Home Network Scanners

If you have a broadband connection in your home you have a network. You may not have much connected to that network, but it is still there, ready to connect devices. I have a bunch of devices connected through my home network including a weather station, all kinds of television equipment and the usual computers and iOS devices. Just recently I needed to know if a new device I had purchased was seen by my network. So, just how do you do that.

Network Scanners

There is a type of App out there called a Network Scanner. You can find lots of them on the Mac App Store. They have varying degrees of sophistication, but generally they provide information on the devices attached to your network among other things. 

I have a weather station at my home. To monitor this station on my Mac I had to purchase a Wi-Fi device which plugs into my network and talks to the station. This Wi-Fi device became outdated. I replaced it with a ‘new and improved’ version. I attached the new Wi-Fi device to my Mac and went through the procedures of connecting it to my home network. However, I was not sure the device was seen on my network. Then I remembered I had an App called iNet Network Scanner ($17.99 in the Mac App Store). This is not a review of this software per se, I just wanted to show you how I used it to check my new device.

When you first open the App it is a good idea to click on the “Scan” button top left corner of the App window to force the App to re-connect to all your devices including any new ones:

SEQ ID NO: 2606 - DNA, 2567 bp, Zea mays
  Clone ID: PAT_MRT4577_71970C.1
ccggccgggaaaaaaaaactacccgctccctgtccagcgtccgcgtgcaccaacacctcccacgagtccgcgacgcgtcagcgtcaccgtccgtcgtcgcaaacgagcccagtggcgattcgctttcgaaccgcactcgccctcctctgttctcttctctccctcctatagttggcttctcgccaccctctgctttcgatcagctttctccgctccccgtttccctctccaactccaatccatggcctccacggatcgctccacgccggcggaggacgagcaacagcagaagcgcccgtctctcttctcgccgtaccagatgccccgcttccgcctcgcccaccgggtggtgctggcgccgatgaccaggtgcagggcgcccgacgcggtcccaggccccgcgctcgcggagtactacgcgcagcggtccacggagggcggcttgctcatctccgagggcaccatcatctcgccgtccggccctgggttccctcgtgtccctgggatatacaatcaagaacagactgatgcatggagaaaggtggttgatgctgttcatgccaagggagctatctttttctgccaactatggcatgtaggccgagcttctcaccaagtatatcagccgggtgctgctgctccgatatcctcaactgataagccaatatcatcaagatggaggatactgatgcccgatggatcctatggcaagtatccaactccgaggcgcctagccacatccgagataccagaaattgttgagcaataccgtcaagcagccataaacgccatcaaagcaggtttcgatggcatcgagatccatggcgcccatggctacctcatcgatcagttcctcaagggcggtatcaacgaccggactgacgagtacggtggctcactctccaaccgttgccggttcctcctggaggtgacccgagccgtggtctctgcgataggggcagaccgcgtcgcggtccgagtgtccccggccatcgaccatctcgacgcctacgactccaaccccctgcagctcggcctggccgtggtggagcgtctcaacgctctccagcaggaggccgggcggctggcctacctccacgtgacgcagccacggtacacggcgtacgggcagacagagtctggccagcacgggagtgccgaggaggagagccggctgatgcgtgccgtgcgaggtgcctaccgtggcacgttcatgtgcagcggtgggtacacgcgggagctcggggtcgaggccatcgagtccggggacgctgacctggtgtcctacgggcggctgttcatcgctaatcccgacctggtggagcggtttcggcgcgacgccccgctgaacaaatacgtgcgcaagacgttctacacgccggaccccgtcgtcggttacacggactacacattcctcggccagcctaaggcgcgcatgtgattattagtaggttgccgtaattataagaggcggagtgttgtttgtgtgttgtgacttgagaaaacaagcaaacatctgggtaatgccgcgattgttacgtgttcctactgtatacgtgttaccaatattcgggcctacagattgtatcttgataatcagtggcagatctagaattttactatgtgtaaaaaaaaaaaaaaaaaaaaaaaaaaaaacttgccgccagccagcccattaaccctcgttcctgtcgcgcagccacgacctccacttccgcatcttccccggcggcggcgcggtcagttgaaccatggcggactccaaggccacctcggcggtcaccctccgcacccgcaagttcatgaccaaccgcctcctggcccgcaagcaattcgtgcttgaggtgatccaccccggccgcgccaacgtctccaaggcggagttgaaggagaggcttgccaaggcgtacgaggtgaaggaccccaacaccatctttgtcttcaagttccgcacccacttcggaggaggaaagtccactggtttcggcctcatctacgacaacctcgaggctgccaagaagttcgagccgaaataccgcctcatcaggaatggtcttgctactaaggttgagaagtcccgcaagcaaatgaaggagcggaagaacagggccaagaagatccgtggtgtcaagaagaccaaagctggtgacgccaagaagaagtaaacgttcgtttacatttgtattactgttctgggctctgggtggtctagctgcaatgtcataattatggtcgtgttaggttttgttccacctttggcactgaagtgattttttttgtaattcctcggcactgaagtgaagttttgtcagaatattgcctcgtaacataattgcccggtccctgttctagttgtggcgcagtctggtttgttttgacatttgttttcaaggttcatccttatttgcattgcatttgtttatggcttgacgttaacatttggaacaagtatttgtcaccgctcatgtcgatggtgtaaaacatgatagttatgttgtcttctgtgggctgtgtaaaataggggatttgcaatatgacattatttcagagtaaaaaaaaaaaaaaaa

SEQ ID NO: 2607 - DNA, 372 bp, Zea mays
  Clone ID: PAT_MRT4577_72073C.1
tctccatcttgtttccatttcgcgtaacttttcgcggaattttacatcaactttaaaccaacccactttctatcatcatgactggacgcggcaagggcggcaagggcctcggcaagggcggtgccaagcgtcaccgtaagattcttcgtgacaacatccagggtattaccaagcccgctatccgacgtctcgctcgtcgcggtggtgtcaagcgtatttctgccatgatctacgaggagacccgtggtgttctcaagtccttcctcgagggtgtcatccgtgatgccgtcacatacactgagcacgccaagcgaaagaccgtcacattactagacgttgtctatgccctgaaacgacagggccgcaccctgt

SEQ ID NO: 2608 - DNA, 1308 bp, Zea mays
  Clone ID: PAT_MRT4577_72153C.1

Re-Scan Button

Once you do the scan you get a window listing all the devices connected to your network by the IP address of each device (had to block out a bunch of addresses for obvious reasons):

iNet Listing

You can pick out some of the devices by their name. Other times, the name is just the manufacturer of the device which was the case for my weather station Wi-Fi connector thingy. In that case the device will have a MAC address. I was able to obtain the MAC address off the device and locate it in iNet Network Scanner. The Wi-Fi connector was seen by the network.

The reason I went through all this network troubleshooting was because the new Wi-Fi device did not seem to be working. After I determined it was connected to the network using the above process, I decided to just wait a bit and see if it started working. After about 10 minutes it did start working and I was able to monitor my weather station in my iMac web browser.

Conclusion

A network scanner type App can come in handy. It certainly is not a must-have App, but if you have tons of stuff on your home network like I do, it might be a worthwhile investment. If I have time, I may do a more in depth article on iNet Network Scanner, we will see.